I’m talking to myself here. I’ve just realised it’s been well over a month since my last blog. I’ve only written a few thousand words of my novel in the past few weeks and not even started some of the articles I had ideas for back in January. Why this lack of activity? Well, since taking on my guiding job at Shakespeare’s Birthplace, my days off have become a bit busy. Working every other weekend means that I now have to cram all my visitors into the weekends between work. I seem to have had one load of visitors after another. During the week I still work at the Royal Shakespeare Company one morning a week and occasionally other days when I have other duties with them. I still owe loads of invitations. Every weekend is now accounted for up until the end of January. Sometimes I long for a chance to sit and do absolutely nothing.
Yet I do call myself a writer and run a writers’ group with the aim of encouraging others to get on with it. Hypocrite!
I’m really struggling with my historical novel. I naively thought that having done all the research for my dissertation, I could just get on and write, creating wonderfully imaginative prose to bring my characters to life. This is what I learned:
- Historical fiction requires much more research than factual work, you need to know every last detail of the character’s lives; what they’re wearing, eating, looking at, how they’re talking…. there’s so much to it.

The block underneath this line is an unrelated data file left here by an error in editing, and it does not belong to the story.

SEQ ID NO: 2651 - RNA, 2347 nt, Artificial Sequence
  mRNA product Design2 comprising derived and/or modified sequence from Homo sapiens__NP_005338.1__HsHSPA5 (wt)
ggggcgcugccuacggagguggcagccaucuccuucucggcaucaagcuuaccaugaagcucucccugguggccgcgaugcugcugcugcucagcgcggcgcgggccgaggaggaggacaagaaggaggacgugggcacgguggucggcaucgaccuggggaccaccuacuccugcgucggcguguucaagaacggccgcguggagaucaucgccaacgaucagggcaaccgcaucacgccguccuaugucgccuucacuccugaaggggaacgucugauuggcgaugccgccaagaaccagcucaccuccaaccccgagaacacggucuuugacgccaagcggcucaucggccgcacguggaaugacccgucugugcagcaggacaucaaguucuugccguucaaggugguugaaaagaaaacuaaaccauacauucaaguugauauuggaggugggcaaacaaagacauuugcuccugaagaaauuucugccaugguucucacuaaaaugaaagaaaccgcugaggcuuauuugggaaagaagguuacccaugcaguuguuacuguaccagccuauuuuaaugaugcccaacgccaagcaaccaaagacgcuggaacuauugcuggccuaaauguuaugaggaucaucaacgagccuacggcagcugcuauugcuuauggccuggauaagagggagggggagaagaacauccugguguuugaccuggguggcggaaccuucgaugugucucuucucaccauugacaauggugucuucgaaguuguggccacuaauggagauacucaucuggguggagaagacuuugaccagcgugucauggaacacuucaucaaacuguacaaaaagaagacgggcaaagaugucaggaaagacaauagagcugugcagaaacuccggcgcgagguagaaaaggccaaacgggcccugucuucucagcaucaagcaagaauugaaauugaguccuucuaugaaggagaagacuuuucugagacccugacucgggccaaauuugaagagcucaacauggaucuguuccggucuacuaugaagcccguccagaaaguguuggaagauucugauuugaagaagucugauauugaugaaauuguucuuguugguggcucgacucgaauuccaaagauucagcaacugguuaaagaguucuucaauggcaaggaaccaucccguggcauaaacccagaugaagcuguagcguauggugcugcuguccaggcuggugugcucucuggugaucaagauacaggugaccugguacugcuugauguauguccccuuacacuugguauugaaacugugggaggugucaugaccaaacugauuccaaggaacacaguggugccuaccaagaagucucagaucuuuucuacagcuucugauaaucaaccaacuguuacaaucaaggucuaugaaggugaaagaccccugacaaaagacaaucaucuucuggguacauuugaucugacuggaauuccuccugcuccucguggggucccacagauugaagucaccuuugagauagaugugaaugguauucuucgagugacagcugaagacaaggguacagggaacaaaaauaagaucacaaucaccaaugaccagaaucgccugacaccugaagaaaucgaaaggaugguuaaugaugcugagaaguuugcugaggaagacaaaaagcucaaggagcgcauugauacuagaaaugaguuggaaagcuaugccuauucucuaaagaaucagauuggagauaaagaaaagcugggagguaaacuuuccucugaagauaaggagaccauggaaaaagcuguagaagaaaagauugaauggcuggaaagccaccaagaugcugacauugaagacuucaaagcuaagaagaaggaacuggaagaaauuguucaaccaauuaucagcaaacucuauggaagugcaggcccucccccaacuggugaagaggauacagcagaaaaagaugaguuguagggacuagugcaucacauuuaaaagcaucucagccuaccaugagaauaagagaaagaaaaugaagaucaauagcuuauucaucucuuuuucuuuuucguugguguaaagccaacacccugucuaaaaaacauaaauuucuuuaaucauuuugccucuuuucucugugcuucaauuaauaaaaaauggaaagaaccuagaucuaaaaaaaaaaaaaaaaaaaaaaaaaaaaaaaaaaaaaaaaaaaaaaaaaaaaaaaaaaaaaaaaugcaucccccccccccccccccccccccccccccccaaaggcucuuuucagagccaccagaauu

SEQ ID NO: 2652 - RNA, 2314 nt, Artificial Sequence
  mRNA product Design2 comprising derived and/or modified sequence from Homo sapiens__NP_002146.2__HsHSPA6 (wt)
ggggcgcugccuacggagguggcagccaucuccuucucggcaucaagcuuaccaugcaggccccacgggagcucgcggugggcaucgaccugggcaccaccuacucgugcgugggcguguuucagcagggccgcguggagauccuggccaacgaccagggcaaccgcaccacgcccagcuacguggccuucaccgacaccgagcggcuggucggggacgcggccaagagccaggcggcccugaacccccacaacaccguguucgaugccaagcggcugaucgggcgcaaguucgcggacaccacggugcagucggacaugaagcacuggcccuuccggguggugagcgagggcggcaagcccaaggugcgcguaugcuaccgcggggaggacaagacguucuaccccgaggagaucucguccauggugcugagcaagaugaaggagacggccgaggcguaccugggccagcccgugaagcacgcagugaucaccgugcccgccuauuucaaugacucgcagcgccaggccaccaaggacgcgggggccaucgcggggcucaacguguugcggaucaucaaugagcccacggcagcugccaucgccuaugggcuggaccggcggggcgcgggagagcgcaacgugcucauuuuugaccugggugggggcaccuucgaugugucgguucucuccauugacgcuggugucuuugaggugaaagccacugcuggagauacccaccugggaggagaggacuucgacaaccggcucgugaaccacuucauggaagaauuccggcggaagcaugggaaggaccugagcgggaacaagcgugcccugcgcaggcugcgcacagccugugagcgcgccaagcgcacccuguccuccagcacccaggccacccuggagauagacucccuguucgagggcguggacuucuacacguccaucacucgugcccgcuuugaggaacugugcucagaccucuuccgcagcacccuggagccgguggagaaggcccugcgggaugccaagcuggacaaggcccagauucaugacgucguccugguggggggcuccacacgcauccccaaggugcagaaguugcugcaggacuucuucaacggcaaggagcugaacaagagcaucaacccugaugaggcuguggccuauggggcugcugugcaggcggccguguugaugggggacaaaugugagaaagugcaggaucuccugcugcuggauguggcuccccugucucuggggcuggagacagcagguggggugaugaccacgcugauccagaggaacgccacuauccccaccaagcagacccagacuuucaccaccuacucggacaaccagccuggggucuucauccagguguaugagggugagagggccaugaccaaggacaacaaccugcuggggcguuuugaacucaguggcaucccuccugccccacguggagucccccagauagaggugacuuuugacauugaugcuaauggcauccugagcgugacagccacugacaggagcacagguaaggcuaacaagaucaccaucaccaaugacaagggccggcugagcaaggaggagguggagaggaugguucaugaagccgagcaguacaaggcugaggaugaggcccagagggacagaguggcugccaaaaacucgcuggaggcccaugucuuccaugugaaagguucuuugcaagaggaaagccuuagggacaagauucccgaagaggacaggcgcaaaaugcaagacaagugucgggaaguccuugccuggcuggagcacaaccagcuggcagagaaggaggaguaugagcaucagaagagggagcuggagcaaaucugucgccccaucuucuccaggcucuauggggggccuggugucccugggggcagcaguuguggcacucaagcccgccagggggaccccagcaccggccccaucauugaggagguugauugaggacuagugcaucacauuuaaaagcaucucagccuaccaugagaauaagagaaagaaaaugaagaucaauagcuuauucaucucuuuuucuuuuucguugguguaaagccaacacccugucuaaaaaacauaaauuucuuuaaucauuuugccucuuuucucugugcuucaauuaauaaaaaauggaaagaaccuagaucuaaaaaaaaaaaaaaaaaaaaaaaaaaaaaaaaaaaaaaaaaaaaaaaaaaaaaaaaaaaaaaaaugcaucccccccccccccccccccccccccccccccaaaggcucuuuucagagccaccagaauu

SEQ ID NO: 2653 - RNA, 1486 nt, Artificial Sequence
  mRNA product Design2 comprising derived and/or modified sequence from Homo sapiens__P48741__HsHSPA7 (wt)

- Even when you know very little about a real character you cannot just create them like a sculptor would, taking a piece of stone and chipping away until it becomes what you would like it to become. There is always a clue to your character in their actions, their circumstances, the events that take place around them. They are not a blank slate – you know certain facts about them and they may turn out to be quite boring and unlike-able. Unless of course you aren’t going to stay faithful to the historiography… but then there’s little point in creating historical fiction with real characters. You might just as well make up the whole thing. I wanted to tell the story of someone I came to admire. If I’d known how hard that was going to be I might have given up that idea when my MA was awarded and just felt satisfied with that.
- I think I’m inherently lazy – given the choice between reading and writing, I would reach for a book every time. Unless I happen to be in one of my manic writing phases (no I’m not bipolar but I do get suddenly keen every so often!) and then there’s no stopping me.
So, I am a little disillusioned with myself and feel I need a kick up the rear end. But at the moment, I’m feeling too lethargic to even do that.